Anniversaries: Grateful Thanksgiving

Child to mid-twenties

Thanksgiving used to be celebrated 3x every year over the course of 2-3 days: once at my parents’ home with certain family members; once with my father’s side of the family; once with my mother’s side of the family.  There were tables full of food; children, teens, and adults everywhere; noise levels similar to stadium concerts (at least from my perspective) with so many people and televisions on loud; and secrets.  So many secrets and people sneaking off for minutes or hours at a time.

By the time I was in college, Thanksgiving was celebrated 2x every year with less and less family/friends and lots of tension.  Most of us were grown and had other places to be.  The next generation of children were second or third cousins removed on my mother’s side, and I was disconnected to them.  On my father’s side, people cooked while others watched tv or read books (me) and ignored or were ignored by everyone else.  Then my younger cousins and brother scattered to be with their friends while my parents kept me isolated and ignored.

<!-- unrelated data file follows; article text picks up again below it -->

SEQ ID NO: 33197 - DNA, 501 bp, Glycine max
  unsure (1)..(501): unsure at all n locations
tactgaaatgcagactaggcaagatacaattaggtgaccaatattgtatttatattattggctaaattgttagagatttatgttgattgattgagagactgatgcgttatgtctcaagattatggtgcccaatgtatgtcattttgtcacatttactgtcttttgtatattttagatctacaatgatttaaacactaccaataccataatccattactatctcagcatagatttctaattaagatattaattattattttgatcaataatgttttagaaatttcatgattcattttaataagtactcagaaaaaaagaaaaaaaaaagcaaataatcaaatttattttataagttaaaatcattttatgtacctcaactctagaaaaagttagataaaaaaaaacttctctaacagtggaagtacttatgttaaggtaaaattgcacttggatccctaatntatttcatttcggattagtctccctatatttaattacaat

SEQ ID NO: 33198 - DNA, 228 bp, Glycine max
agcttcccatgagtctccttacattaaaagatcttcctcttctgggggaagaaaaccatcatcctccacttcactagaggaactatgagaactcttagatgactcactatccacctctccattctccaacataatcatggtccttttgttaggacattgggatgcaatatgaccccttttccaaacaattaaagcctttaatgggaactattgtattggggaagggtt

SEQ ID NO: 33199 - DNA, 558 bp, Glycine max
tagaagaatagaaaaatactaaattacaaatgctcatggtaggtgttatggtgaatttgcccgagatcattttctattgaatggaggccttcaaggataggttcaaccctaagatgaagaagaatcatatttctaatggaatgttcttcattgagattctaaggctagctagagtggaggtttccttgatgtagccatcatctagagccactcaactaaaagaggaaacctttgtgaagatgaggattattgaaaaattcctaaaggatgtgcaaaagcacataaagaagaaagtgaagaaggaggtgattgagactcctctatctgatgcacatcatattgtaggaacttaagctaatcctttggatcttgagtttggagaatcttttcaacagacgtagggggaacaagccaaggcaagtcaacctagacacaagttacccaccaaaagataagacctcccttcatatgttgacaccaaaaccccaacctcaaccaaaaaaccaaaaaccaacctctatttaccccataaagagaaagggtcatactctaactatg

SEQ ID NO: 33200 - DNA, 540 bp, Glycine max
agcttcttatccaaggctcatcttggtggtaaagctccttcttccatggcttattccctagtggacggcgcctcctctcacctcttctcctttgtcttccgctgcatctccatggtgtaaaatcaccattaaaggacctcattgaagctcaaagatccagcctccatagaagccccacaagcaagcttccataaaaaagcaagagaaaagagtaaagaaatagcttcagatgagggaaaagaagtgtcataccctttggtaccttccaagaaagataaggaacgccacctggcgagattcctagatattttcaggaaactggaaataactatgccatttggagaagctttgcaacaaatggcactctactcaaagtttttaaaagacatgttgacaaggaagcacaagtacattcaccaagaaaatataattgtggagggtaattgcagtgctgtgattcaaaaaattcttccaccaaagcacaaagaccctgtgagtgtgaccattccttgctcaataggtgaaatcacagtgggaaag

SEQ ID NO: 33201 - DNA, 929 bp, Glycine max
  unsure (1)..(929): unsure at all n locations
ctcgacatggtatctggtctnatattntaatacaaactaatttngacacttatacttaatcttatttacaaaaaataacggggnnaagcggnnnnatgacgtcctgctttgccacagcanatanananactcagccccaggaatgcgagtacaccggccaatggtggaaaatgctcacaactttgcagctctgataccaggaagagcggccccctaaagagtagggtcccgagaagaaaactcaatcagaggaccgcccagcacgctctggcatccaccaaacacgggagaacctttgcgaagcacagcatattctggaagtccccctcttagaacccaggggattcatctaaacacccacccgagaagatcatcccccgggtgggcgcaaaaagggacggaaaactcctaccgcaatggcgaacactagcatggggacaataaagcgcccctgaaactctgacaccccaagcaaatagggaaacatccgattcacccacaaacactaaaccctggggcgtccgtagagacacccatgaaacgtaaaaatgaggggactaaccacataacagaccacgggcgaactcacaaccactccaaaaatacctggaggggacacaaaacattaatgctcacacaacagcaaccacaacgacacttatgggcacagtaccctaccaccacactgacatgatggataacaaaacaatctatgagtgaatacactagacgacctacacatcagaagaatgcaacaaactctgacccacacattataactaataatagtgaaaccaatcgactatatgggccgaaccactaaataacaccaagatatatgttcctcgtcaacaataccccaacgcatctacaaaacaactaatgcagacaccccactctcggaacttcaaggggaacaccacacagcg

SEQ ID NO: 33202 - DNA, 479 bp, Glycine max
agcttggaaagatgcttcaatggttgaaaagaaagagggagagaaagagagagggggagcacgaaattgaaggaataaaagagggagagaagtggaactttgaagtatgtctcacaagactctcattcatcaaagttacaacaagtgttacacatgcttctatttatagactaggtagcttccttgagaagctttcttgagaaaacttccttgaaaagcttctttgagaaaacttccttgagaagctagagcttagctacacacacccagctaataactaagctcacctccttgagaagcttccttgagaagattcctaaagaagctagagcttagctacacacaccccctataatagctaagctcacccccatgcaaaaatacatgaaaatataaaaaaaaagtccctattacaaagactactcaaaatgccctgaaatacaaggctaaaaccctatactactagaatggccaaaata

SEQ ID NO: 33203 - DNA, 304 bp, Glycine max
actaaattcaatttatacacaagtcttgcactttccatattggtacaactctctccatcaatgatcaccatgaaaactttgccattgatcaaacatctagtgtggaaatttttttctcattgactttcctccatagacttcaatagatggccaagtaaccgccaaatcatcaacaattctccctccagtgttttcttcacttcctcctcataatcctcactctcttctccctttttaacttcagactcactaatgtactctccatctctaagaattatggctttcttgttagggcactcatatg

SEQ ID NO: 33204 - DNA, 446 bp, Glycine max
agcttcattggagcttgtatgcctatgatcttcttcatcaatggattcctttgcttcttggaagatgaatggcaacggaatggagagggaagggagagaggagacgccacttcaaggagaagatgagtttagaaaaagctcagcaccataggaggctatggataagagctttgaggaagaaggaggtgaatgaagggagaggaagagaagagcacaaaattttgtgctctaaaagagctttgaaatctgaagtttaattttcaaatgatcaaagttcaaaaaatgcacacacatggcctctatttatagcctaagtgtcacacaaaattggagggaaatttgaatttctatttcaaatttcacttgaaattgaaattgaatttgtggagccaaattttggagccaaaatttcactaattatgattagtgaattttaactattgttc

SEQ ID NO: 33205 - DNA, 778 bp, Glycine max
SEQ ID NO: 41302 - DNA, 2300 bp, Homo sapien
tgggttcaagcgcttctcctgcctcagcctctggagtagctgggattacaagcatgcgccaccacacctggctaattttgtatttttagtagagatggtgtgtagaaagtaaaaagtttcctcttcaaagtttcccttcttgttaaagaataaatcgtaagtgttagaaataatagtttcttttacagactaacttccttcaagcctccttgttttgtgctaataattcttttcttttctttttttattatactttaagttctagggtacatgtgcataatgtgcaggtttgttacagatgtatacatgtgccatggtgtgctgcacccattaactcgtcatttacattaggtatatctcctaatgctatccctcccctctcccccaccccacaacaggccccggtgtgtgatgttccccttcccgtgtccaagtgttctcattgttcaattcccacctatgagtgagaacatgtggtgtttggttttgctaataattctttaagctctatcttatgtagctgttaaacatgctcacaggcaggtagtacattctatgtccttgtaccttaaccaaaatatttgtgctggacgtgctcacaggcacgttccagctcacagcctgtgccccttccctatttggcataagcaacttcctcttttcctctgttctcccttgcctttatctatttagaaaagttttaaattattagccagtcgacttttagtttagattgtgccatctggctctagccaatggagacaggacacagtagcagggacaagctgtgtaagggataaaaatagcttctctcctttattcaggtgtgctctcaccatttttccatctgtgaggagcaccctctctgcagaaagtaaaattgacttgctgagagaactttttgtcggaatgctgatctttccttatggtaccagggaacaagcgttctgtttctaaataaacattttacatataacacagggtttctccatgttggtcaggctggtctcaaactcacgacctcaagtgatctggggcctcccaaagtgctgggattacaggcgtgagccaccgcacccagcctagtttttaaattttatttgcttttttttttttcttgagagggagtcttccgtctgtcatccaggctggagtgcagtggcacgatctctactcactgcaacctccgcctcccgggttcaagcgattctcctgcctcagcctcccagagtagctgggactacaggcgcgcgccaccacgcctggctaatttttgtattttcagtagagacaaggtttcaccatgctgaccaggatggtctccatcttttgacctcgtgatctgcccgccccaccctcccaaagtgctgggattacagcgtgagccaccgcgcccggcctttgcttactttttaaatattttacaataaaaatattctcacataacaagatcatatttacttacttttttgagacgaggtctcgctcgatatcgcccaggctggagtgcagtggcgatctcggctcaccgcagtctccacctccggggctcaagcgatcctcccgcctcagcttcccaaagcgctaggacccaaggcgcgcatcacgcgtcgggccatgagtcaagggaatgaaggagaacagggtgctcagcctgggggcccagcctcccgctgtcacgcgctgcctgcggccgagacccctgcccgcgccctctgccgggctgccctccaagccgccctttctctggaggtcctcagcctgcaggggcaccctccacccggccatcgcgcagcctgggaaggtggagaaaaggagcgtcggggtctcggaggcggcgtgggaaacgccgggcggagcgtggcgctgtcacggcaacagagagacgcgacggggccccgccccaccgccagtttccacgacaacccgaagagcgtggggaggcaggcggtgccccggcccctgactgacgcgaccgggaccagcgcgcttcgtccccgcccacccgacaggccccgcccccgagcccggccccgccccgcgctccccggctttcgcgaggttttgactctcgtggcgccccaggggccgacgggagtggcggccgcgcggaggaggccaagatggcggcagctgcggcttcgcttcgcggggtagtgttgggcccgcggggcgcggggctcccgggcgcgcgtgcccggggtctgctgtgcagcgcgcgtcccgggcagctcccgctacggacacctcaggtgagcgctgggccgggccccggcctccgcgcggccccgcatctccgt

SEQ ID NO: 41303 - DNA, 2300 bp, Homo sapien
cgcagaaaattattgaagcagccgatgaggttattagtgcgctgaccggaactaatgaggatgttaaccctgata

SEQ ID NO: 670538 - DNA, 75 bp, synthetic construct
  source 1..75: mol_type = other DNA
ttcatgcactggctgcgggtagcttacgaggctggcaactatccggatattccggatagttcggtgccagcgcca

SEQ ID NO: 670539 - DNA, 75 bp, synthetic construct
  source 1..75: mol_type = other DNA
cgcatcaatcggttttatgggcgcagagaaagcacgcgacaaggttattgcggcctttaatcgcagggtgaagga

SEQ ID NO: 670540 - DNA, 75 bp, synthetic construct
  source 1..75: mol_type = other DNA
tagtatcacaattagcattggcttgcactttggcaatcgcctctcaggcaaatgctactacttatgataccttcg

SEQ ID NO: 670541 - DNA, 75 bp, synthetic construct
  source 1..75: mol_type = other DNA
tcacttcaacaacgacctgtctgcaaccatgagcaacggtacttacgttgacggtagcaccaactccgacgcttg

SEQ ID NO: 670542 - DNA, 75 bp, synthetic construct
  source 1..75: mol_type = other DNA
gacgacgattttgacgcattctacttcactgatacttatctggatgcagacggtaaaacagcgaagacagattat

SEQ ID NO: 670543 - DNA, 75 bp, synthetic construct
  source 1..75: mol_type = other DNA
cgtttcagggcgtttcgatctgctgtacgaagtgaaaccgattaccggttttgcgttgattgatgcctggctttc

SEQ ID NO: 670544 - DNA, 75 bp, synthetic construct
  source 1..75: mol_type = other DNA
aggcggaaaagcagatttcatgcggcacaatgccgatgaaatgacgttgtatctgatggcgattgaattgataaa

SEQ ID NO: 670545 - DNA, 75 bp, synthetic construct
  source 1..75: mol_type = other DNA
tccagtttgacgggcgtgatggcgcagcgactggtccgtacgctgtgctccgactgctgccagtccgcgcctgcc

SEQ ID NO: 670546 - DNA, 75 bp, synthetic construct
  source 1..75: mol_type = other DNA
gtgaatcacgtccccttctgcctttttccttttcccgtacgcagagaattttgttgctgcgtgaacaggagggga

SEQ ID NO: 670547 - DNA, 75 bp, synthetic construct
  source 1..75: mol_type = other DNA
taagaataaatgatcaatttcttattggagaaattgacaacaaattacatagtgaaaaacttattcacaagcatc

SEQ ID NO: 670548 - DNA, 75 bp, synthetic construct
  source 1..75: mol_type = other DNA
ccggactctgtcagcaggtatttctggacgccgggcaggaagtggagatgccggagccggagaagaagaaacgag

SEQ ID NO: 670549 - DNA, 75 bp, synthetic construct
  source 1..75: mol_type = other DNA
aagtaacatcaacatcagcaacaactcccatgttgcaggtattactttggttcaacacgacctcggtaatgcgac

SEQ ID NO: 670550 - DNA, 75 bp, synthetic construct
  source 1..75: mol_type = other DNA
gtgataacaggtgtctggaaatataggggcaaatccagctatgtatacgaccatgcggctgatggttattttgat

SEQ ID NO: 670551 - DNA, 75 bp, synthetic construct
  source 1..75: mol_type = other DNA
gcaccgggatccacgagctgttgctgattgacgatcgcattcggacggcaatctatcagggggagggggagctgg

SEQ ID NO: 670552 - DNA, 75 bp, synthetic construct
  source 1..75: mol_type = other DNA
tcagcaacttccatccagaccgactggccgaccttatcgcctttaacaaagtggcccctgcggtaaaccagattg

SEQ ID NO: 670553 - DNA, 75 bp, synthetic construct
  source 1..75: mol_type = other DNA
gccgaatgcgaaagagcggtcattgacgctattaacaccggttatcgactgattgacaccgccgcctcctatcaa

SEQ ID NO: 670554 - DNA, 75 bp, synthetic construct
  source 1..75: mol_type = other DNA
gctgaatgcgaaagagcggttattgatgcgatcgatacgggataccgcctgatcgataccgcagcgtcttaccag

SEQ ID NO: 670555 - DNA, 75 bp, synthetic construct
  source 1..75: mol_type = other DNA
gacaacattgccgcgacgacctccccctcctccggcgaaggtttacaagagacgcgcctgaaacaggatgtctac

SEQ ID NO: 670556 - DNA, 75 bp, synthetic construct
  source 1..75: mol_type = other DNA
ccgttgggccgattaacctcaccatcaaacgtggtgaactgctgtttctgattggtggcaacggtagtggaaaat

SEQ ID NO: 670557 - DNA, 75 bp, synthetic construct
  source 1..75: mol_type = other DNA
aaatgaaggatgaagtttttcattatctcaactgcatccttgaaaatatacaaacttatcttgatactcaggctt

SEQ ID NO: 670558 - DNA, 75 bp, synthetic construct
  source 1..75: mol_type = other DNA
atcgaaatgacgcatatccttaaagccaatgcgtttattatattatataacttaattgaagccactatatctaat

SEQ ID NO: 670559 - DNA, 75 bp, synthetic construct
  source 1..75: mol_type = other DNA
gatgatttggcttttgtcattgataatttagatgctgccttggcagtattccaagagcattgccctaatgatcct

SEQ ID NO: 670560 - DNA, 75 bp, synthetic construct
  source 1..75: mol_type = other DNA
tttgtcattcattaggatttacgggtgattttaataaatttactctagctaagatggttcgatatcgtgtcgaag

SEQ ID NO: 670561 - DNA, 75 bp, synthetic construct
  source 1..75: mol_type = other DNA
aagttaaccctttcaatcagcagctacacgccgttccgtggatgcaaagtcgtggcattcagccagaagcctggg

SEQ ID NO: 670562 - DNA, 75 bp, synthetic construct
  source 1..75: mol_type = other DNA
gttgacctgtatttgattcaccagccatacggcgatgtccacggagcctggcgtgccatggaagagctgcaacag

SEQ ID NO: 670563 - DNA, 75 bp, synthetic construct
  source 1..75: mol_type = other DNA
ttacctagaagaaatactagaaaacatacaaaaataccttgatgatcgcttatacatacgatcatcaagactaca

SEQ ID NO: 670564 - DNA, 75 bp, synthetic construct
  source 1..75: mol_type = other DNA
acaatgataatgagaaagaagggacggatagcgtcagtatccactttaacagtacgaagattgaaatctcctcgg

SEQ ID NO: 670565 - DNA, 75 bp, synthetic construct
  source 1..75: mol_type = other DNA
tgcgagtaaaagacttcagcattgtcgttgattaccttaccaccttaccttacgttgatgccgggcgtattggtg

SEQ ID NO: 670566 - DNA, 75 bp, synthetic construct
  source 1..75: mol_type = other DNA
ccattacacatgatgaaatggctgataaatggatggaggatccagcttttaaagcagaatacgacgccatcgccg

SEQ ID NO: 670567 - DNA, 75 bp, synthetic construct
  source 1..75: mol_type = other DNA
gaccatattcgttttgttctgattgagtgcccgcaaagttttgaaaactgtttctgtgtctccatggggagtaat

You may be wondering why or how they managed that.  Part of it was me – I isolated myself and chose not to make friends or trust people at that time.  Part of it was them limiting access to my car – they always blocked me in and parked their cars in front of the driveway so I’d have to move their cars to get out.  And I did not want to drive their cars.  Asking them to move the cars was like banging my head against a brick wall.

Mid-twenties to early thirties

Then I walked away from my family.

Holidays became something different.